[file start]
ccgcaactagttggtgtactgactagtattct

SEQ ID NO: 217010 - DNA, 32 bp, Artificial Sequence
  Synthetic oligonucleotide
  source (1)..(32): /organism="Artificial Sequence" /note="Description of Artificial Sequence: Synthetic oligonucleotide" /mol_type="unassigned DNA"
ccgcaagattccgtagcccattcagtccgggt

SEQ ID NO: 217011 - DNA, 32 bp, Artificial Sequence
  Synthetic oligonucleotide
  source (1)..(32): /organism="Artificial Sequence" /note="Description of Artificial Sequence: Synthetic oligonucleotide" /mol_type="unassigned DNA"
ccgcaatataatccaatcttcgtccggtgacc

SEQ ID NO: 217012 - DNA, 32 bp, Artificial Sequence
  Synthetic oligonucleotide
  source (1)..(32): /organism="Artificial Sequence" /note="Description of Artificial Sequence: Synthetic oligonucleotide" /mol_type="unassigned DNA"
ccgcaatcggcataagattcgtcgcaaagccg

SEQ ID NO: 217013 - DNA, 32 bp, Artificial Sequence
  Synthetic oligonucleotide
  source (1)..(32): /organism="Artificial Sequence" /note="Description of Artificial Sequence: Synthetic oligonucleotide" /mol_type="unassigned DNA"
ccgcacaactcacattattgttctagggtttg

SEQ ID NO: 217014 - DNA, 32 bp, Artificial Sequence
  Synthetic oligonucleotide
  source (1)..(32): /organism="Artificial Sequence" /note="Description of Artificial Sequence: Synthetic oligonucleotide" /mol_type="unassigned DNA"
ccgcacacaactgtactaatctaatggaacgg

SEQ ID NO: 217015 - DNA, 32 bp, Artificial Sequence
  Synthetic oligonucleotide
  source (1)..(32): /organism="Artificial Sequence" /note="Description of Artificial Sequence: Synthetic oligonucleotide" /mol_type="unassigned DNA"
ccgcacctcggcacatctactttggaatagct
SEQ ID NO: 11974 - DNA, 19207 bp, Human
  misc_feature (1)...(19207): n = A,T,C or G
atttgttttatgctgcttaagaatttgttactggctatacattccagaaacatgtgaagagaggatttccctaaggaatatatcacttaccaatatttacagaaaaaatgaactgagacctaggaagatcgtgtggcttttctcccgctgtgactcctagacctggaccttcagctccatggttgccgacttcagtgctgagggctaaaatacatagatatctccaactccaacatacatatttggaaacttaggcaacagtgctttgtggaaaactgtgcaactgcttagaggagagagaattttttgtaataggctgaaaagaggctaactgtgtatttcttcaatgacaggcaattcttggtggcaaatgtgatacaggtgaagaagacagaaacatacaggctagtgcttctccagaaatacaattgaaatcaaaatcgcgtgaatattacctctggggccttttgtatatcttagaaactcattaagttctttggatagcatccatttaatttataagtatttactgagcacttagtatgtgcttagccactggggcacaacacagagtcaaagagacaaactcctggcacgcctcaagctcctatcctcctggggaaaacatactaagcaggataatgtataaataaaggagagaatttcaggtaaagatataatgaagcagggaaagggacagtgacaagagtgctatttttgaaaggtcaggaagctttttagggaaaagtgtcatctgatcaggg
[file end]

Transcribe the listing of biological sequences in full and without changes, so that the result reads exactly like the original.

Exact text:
ccgcaactagttggtgtactgactagtattct

SEQ ID NO: 217010 - DNA, 32 bp, Artificial Sequence
  Synthetic oligonucleotide
  source (1)..(32): /organism="Artificial Sequence" /note="Description of Artificial Sequence: Synthetic oligonucleotide" /mol_type="unassigned DNA"
ccgcaagattccgtagcccattcagtccgggt

SEQ ID NO: 217011 - DNA, 32 bp, Artificial Sequence
  Synthetic oligonucleotide
  source (1)..(32): /organism="Artificial Sequence" /note="Description of Artificial Sequence: Synthetic oligonucleotide" /mol_type="unassigned DNA"
ccgcaatataatccaatcttcgtccggtgacc

SEQ ID NO: 217012 - DNA, 32 bp, Artificial Sequence
  Synthetic oligonucleotide
  source (1)..(32): /organism="Artificial Sequence" /note="Description of Artificial Sequence: Synthetic oligonucleotide" /mol_type="unassigned DNA"
ccgcaatcggcataagattcgtcgcaaagccg

SEQ ID NO: 217013 - DNA, 32 bp, Artificial Sequence
  Synthetic oligonucleotide
  source (1)..(32): /organism="Artificial Sequence" /note="Description of Artificial Sequence: Synthetic oligonucleotide" /mol_type="unassigned DNA"
ccgcacaactcacattattgttctagggtttg

SEQ ID NO: 217014 - DNA, 32 bp, Artificial Sequence
  Synthetic oligonucleotide
  source (1)..(32): /organism="Artificial Sequence" /note="Description of Artificial Sequence: Synthetic oligonucleotide" /mol_type="unassigned DNA"
ccgcacacaactgtactaatctaatggaacgg

SEQ ID NO: 217015 - DNA, 32 bp, Artificial Sequence
  Synthetic oligonucleotide
  source (1)..(32): /organism="Artificial Sequence" /note="Description of Artificial Sequence: Synthetic oligonucleotide" /mol_type="unassigned DNA"
ccgcacctcggcacatctactttggaatagct
SEQ ID NO: 11974 - DNA, 19207 bp, Human
  misc_feature (1)...(19207): n = A,T,C or G
atttgttttatgctgcttaagaatttgttactggctatacattccagaaacatgtgaagagaggatttccctaaggaatatatcacttaccaatatttacagaaaaaatgaactgagacctaggaagatcgtgtggcttttctcccgctgtgactcctagacctggaccttcagctccatggttgccgacttcagtgctgagggctaaaatacatagatatctccaactccaacatacatatttggaaacttaggcaacagtgctttgtggaaaactgtgcaactgcttagaggagagagaattttttgtaataggctgaaaagaggctaactgtgtatttcttcaatgacaggcaattcttggtggcaaatgtgatacaggtgaagaagacagaaacatacaggctagtgcttctccagaaatacaattgaaatcaaaatcgcgtgaatattacctctggggccttttgtatatcttagaaactcattaagttctttggatagcatccatttaatttataagtatttactgagcacttagtatgtgcttagccactggggcacaacacagagtcaaagagacaaactcctggcacgcctcaagctcctatcctcctggggaaaacatactaagcaggataatgtataaataaaggagagaatttcaggtaaagatataatgaagcagggaaagggacagtgacaagagtgctatttttgaaaggtcaggaagctttttagggaaaagtgtcatctgatcaggg